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Wednesday, August 29, 2012

If You Win You Lose...?

I've mentioned this basic paradox previously, but recently ran across it again, and find it worth a re-telling:

Wiley was a young law student who apprenticed under a keen-minded legal genius named Mencius. Mencius made the same contract with all his students: They need pay him no instructional fee until after they won their first case, at which point his stipend would immediately come due. But after completing his education Wiley decided to forego law practice after all, and become a car mechanic instead, thus not paying Mencius anything. Frustrated, Mencius claimed that failing to practice law was not one of the permissible options, and sued Wiley to attain his just compensation, at which point Wiley acted in his own defense.
Mencius believed he had an open-and-shut case for getting his money: if he WON the court case then the judge would be ordering Wiley to pay the fee that was owed. AND, if Mencius LOST the case, then that would mean it was Wiley's first court victory, and by contract, he would now have to pay Mencius the same fee due. To Mencius it was a no-lose situation!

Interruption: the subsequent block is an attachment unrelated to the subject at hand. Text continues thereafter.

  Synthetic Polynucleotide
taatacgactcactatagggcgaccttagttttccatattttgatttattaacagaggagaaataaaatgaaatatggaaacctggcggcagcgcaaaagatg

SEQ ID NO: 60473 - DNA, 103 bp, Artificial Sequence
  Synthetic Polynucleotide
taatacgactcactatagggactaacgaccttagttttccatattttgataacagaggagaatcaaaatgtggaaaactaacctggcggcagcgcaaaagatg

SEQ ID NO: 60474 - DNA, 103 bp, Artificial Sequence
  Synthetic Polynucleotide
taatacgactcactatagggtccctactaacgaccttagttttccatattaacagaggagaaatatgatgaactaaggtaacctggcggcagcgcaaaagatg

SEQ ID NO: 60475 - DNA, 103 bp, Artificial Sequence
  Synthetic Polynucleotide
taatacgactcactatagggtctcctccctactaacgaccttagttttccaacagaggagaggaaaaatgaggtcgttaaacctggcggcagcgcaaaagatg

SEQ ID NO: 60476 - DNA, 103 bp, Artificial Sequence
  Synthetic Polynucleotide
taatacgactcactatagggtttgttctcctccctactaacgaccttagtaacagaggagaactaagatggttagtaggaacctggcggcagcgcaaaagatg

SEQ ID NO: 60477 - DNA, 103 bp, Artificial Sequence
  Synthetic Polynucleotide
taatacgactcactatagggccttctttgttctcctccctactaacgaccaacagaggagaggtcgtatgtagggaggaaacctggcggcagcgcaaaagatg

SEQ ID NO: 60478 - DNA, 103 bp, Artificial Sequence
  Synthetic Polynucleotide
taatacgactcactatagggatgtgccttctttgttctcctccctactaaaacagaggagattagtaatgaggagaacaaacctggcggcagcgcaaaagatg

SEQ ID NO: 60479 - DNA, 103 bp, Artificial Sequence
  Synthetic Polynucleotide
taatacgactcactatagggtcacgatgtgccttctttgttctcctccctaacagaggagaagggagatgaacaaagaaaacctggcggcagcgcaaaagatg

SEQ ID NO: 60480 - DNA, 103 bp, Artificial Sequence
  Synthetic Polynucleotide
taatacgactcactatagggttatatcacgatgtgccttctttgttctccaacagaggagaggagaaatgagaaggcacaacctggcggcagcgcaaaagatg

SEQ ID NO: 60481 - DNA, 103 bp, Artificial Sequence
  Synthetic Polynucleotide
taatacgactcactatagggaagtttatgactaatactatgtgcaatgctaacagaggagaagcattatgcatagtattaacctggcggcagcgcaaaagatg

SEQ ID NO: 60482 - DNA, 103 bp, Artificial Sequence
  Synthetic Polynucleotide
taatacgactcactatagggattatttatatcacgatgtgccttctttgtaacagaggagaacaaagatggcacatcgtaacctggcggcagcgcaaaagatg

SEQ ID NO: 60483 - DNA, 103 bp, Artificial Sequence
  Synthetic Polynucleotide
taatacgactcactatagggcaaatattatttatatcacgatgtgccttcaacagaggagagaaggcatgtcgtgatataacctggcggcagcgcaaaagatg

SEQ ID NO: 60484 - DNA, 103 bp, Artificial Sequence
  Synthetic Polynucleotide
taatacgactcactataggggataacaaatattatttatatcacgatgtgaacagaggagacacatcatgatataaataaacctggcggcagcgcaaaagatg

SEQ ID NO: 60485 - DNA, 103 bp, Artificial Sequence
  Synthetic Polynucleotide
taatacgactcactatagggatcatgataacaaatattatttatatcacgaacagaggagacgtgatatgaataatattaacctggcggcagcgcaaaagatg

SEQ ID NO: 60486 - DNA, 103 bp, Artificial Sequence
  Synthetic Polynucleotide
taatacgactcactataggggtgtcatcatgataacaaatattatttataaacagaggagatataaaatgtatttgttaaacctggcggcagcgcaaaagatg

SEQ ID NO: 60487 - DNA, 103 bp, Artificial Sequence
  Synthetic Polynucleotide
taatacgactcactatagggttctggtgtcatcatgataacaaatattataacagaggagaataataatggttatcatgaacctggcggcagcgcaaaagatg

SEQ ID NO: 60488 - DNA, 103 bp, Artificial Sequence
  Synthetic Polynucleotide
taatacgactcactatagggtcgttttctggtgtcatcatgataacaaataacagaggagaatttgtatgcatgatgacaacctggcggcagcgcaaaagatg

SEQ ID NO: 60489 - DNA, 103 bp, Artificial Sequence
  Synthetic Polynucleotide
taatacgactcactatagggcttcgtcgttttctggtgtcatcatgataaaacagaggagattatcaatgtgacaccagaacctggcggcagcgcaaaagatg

However, Wiley saw matters in a completely opposite way: IF he WON the case then it would mean that the judge was ruling that he was NOT required to pay his former mentor Mencius. AND, if he LOST the case then, by contract, he would not owe Mencius anything yet, since he was to be paid only upon a court victory.

 ....I s'pose in the end, all one can say is that it is true that this sentence is false. ;-)

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